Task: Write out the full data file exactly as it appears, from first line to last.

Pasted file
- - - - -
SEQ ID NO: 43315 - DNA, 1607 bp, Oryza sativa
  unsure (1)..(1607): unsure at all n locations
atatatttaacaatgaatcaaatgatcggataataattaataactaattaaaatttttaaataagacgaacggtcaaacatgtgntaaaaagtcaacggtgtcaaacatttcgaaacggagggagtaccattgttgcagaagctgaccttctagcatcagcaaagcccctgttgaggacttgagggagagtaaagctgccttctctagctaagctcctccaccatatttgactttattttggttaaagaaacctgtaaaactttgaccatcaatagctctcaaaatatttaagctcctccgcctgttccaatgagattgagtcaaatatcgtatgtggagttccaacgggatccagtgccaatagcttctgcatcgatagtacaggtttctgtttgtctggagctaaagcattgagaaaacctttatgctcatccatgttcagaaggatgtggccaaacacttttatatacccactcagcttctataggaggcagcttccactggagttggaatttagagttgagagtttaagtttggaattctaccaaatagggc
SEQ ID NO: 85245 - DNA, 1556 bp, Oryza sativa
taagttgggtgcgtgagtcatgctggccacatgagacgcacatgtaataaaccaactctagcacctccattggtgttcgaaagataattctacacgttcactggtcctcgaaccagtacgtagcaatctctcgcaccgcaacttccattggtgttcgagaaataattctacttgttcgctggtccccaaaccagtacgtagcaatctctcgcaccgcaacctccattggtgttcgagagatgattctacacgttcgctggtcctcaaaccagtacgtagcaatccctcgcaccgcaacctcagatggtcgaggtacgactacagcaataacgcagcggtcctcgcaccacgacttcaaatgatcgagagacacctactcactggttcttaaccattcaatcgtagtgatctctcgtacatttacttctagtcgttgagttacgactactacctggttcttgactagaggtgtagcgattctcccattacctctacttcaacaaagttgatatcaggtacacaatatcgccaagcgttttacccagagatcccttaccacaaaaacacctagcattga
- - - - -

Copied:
SEQ ID NO: 43315 - DNA, 1607 bp, Oryza sativa
  unsure (1)..(1607): unsure at all n locations
atatatttaacaatgaatcaaatgatcggataataattaataactaattaaaatttttaaataagacgaacggtcaaacatgtgntaaaaagtcaacggtgtcaaacatttcgaaacggagggagtaccattgttgcagaagctgaccttctagcatcagcaaagcccctgttgaggacttgagggagagtaaagctgccttctctagctaagctcctccaccatatttgactttattttggttaaagaaacctgtaaaactttgaccatcaatagctctcaaaatatttaagctcctccgcctgttccaatgagattgagtcaaatatcgtatgtggagttccaacgggatccagtgccaatagcttctgcatcgatagtacaggtttctgtttgtctggagctaaagcattgagaaaacctttatgctcatccatgttcagaaggatgtggccaaacacttttatatacccactcagcttctataggaggcagcttccactggagttggaatttagagttgagagtttaagtttggaattctaccaaatagggc
SEQ ID NO: 85245 - DNA, 1556 bp, Oryza sativa
taagttgggtgcgtgagtcatgctggccacatgagacgcacatgtaataaaccaactctagcacctccattggtgttcgaaagataattctacacgttcactggtcctcgaaccagtacgtagcaatctctcgcaccgcaacttccattggtgttcgagaaataattctacttgttcgctggtccccaaaccagtacgtagcaatctctcgcaccgcaacctccattggtgttcgagagatgattctacacgttcgctggtcctcaaaccagtacgtagcaatccctcgcaccgcaacctcagatggtcgaggtacgactacagcaataacgcagcggtcctcgcaccacgacttcaaatgatcgagagacacctactcactggttcttaaccattcaatcgtagtgatctctcgtacatttacttctagtcgttgagttacgactactacctggttcttgactagaggtgtagcgattctcccattacctctacttcaacaaagttgatatcaggtacacaatatcgccaagcgttttacccagagatcccttaccacaaaaacacctagcattga